Chemistry Week Special Article Collection

We perceive color as a result of light interacting with our eyes; the properties of physical objects can alter the way they absorb, reflect and emit light, changing the way we see them. Color is everywhere – including in chemistry. A chemical gets its color by electrons absorbing energy and becoming excited. That excitation absorbs wavelengths of light; what we see is the complementary color of the absorbed wavelengths.

Colors have a huge impact: they are fundamental in art, photography and fashion, they can affect our mood and productivity, and they can even be used in forensic science in the analysis of chemical composition.

National Chemistry Week 2015 focuses on the theme “Chemistry Colors Our World.” To celebrate the contribution researchers make through the work they publish in Elsevier’s chemistry journals, we have put together a collection of articles that showcase the spectrum of research in this theme. The articles cover everything from analyzing powder quality using color to identifying mystery painters.

From the yellow pigment of silkworms to the red dust of Mars …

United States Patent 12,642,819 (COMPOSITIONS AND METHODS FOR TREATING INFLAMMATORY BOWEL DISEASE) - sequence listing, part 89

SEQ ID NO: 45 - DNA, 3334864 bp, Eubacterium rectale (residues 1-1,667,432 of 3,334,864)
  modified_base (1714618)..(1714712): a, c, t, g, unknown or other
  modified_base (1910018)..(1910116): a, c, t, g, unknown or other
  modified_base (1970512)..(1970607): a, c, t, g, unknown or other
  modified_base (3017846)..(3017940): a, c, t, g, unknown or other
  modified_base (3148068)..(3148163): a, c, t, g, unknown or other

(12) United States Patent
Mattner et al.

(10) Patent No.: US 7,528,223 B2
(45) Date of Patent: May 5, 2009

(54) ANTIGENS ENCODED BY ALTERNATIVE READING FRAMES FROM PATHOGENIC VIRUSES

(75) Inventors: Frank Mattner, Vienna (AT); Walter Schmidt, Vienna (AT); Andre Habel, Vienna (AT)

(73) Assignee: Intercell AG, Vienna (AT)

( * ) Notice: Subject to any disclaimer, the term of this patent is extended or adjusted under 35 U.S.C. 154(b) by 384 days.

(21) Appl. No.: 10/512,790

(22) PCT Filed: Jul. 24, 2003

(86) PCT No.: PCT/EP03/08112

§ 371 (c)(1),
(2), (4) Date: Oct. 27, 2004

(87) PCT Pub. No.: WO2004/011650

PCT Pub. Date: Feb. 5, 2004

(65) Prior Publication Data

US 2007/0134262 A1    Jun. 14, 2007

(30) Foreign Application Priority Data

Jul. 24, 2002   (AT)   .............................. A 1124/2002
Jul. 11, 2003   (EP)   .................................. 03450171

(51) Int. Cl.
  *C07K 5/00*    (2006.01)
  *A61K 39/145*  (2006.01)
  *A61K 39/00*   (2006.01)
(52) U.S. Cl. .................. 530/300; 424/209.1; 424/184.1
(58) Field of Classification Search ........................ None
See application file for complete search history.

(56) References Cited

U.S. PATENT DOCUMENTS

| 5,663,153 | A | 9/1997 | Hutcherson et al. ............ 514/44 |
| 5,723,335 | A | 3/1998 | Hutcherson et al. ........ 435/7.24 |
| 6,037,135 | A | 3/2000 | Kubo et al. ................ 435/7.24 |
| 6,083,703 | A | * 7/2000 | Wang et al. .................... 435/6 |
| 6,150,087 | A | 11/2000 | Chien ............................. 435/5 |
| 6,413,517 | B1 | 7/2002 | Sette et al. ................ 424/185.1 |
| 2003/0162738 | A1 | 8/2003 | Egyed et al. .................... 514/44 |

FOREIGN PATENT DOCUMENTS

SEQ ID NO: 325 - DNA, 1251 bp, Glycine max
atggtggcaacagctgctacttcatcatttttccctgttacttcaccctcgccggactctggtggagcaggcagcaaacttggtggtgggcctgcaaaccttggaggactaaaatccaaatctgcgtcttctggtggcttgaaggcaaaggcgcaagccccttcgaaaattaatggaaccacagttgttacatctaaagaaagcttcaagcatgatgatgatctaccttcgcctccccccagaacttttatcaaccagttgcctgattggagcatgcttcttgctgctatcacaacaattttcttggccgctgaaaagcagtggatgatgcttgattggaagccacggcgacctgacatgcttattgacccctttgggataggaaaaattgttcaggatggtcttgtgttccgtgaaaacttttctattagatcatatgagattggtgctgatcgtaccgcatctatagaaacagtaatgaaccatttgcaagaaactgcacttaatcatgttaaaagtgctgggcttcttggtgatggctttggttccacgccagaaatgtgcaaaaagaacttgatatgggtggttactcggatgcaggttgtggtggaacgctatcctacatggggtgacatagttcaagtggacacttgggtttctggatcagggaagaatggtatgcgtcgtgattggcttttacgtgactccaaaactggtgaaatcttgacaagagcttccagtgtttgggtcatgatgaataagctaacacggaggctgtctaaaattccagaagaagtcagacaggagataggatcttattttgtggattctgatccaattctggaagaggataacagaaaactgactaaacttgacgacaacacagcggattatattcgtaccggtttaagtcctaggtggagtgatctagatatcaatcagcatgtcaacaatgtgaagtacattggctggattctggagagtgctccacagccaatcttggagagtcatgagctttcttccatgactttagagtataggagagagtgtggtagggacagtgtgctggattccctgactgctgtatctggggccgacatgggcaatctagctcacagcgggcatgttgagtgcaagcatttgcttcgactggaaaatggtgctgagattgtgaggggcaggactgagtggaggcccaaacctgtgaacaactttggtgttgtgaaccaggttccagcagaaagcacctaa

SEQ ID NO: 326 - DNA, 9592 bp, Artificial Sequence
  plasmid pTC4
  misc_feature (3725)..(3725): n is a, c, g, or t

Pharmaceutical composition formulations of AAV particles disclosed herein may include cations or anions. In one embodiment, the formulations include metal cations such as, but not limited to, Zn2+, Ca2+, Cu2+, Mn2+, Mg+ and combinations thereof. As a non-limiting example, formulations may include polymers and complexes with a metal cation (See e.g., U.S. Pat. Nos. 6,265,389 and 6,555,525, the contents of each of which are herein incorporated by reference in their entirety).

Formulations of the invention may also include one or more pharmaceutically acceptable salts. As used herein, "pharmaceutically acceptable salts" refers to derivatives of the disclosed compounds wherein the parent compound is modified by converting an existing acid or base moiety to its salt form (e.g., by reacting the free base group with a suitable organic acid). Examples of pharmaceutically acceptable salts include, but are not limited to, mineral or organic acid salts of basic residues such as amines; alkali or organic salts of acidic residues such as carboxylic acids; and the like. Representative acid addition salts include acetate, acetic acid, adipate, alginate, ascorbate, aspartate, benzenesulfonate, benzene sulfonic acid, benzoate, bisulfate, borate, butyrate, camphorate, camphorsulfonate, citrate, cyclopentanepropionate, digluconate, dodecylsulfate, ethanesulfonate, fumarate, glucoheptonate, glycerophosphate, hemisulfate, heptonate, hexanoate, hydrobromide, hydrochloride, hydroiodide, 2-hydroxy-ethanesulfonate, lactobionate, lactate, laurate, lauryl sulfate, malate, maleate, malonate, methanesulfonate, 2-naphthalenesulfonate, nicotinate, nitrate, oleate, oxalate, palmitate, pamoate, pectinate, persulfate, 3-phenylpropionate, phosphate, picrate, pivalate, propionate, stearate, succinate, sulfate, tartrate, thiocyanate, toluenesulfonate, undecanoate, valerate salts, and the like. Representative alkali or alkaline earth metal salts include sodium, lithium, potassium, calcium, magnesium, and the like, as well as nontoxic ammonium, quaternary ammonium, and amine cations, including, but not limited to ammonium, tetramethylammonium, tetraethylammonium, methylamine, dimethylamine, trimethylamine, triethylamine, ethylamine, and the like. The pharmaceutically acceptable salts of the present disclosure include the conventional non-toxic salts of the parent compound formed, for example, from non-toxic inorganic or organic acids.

Chemistry can help improve manufacturing techniques. Some wild silkworms produce silk that is naturally colored; a mutant of the domestic silkworm, B. mori, can spin yellow cocoons. This naturally colored silk is potentially valuable if it can be processed without damage and fading. A Dyes and Pigments categorizes the yellow pigment to understand better how the silk could best be processed.

Research in chemistry can also tell us what’s happening on other planets. Mars gets its red glow because of a thin layer of oxidized dust. Despite decades of attention, its geological and climatic implications are still a matter of debate. Research published in Earth and Planetary Science Letters reveals hydroxylated ferric minerals may have a prominent role in the production of the dust.

Back here on Earth, human activity can lead to towns and cities being significantly warmer than surrounding areas. To tackle these urban heat islands,” cool roofs that reflect the sun’s rays can reduce the temperature. A study published in Ceramics International presents a new generation of colored glazes, which have the potential to perform better than existing materials.

Colors aren’t just functional – they’re also aesthetic. Art galleries all over Europe have collections of paintings they don’t show publicly because of their doubtful attribution and dating. A study published in Applied Clay Science shows that looking at the presence of clay-based materials in paintings can distinguish those from Italy and central Europe.

These and many other studies show the spectrum of research being done in chemistry to improve manufacturing processes, reduce our impact on the environment and give us a glimpse into the past.